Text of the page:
Academic journal article Argumentation and Advocacy

How George Bush Silenced Anita Hill: A Derridian View of the Third Persona in Public Argument

Academic journal article Argumentation and Advocacy

How George Bush Silenced Anita Hill: A Derridian View of the Third Persona in Public Argument

Article excerpt

The silences around the words are as powerful and as numerous in meaning and valence as the words themselves.

(Clair, 1998, p. 23)

The ability of scholars to understand how public argument constitutes or generates identity has grown over the past few years (Crenshaw, 1996; Ishlyama, Launer, Likhachova, Williams, & Young, 1997; McKerrow & Bruner, 1997; Zulick, 1997). This has enhanced theorists', individuals', and social groups' abilities to understand that identities are formed not only in dyadic interactions but also in public arenas. Moreover, when these identities are forged in the public realm they become part of the larger system of meaning and ideology that can then be used to evaluate other identities and arguments. This article contributes to such a project by positioning the evocation of specific personae as an act of public argumentation. Moreover, we ground our understanding of this process in Derrida's (1982) concept of differance. Specifically, we argue that President Bush's discursive choices during the 1991 Clarence Thomas Supreme Court confirmation proceedings allowed him to silence and negate Anita Hill and her supporte rs while avoiding any explicitly negative claims about her.

While theorists have explored the role of personae and public argument in creating identities, they have yet to integrate the influence of our system of language, as a system of differences, upon identity construction. We argue that it is because of this system of differences that identities are often constituted in public discourse as different or alien than other identities, particularly in the third persona. Moreover, in making this assumption, we provide critics another means for conducting argumentation evaluation and for understanding the construction of identity as an argumentative process of differentiation. Accordingly, we first provide a brief overview of the relation of language, identity and Derrida's perspective of language; second, we look at the evocation of personae in public argument as differentiation; and finally we provide a case study of President Bush's discourse during the 1991 Clarence Thomas Supreme Court confirmation proceedings.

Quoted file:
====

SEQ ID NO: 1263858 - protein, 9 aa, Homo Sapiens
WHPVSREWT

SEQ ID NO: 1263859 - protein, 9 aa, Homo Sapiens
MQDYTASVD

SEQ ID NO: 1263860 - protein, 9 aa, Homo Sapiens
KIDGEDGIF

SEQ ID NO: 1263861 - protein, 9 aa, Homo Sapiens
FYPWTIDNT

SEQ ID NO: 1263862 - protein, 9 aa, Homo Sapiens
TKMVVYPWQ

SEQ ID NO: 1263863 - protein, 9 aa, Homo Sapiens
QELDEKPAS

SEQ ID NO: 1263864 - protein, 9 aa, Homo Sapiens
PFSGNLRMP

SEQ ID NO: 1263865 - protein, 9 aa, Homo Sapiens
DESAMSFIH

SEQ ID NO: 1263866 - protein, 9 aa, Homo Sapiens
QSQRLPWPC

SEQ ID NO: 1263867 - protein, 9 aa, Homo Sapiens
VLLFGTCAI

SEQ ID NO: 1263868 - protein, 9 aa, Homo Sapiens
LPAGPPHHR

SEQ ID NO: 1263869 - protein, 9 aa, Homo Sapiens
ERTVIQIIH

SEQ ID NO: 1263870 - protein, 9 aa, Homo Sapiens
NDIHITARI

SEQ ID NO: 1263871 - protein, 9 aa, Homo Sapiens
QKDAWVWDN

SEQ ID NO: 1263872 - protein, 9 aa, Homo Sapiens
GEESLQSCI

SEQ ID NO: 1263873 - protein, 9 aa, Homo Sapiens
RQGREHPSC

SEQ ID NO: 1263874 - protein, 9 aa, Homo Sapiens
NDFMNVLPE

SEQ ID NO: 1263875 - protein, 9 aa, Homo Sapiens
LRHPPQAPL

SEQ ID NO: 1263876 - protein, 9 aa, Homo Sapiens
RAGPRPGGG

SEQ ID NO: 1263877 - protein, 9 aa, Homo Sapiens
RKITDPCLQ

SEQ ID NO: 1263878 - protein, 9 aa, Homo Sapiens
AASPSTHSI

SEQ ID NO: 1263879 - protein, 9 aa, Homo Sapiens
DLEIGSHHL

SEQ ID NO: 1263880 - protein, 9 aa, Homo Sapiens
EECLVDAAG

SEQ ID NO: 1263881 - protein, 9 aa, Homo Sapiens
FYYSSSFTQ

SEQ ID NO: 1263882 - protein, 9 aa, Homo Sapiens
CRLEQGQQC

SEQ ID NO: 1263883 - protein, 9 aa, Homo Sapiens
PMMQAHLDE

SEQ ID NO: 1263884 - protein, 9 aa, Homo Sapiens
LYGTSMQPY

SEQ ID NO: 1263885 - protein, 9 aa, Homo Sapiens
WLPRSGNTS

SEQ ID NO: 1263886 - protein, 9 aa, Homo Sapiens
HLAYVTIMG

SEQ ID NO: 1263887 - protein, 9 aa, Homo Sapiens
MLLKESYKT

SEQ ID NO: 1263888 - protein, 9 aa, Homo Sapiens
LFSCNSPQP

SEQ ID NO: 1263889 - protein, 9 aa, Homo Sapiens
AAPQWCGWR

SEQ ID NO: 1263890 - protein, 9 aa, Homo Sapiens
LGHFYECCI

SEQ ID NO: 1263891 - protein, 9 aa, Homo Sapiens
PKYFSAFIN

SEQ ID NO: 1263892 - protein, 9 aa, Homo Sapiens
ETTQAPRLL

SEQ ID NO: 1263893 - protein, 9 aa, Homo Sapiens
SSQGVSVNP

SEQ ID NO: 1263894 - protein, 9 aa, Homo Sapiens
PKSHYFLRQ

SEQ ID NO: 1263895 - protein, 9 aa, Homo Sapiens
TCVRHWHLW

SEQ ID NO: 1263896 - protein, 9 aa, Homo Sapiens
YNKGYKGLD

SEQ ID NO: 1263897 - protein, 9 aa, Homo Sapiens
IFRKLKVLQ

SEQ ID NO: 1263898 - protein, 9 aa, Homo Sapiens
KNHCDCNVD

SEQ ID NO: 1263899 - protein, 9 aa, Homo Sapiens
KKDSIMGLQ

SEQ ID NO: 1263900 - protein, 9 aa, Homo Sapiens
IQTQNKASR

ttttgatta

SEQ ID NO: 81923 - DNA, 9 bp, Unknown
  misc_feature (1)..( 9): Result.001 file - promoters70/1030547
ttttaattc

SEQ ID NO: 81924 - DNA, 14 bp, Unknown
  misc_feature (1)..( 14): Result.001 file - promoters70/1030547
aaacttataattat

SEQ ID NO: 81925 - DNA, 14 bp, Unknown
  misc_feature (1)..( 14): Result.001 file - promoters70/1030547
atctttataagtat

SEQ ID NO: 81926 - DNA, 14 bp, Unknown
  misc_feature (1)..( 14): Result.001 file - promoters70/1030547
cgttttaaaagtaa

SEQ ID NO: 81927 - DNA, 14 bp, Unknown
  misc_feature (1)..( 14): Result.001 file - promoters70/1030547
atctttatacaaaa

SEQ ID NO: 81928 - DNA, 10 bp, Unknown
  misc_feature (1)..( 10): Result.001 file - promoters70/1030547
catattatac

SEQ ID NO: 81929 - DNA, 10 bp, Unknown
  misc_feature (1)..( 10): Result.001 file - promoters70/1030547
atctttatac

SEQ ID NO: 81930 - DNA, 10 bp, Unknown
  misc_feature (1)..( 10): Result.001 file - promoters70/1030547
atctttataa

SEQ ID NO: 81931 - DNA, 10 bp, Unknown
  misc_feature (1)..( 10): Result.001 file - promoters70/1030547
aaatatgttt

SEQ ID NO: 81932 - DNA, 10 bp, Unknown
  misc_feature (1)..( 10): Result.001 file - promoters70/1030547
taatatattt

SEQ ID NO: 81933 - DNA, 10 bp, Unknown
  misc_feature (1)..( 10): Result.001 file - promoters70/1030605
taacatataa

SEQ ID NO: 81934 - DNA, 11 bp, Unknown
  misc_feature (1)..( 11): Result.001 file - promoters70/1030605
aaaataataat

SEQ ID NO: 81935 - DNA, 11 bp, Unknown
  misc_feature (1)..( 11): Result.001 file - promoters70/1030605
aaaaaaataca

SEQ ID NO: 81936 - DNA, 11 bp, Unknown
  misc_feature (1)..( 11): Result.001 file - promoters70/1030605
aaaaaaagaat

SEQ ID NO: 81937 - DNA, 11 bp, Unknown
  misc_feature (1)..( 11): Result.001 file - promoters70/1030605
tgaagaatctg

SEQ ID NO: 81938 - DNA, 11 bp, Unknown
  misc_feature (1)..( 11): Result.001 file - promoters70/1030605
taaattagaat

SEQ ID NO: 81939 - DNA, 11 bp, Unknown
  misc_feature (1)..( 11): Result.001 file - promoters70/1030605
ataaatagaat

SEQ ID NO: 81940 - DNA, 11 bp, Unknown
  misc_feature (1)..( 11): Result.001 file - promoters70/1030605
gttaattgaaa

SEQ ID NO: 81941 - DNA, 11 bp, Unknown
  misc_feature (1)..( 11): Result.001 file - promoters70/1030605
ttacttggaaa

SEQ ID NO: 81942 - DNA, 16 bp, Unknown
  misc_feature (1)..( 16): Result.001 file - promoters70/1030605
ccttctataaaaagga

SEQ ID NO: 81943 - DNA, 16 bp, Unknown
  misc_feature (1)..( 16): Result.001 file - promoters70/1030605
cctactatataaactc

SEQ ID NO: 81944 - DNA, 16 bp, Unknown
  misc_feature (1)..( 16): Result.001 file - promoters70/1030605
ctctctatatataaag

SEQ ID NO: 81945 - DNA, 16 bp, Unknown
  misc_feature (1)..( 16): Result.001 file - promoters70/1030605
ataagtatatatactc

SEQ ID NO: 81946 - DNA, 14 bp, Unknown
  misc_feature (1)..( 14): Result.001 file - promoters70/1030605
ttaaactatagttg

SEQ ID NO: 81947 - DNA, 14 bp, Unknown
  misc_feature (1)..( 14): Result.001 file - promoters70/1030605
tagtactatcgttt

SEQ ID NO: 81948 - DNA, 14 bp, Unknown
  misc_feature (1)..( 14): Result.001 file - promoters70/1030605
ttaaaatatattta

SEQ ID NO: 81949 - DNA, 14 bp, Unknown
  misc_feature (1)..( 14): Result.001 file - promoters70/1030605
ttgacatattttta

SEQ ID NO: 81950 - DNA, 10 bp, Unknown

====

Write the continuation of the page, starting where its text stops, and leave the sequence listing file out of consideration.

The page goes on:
A basic premise in this article is that individual and group identity is a form of subjectivity that is created/sustained through language via signification. Our position, therefore, aligns us with post-structuralist thinking and concerns (cf. Best & Kellner, 1991; Rosenau, 1992; Sarup, 1989; Weedon, 1987). In contrast to modernist or humanist perspectives that grant the individual a metaphysical presence separate from language, we agree with Weedon (1987) that "language is the place where actual possible forms of social organization and their likely social and political consequences are defined and contested. Yet, it is also the place where our sense of ourselves, our subjectivity, is constructed" (p. 21). Subjectivities and identities do not enjoy an a priori existence outside of language but rather are constituted within systems of language (cf. Lacan) or ideologies (cf. Althusser). Thus, a major theoretical concern for this project is analyzing how individuals are constituted as subjects or subject posit ions via personae in public argument.

While many theorists have contributed to the post-structuralist project (e.g., Baudrillard, Foucault, Lyotard), Derrida's work has several features that recommend it as a chain of signification for presencing the use of personae in public argument. Specifically, it presences differentiation as a means of both finding and constructing meanings that trace even when operating under erasure.

Derrida (1982) argues that signs both differ from and defer each other, a condition that he calls differance. "In a language, in the system of language, there are only differences" (p. 11). When one signifier is invoked it differs from all other signifiers. …

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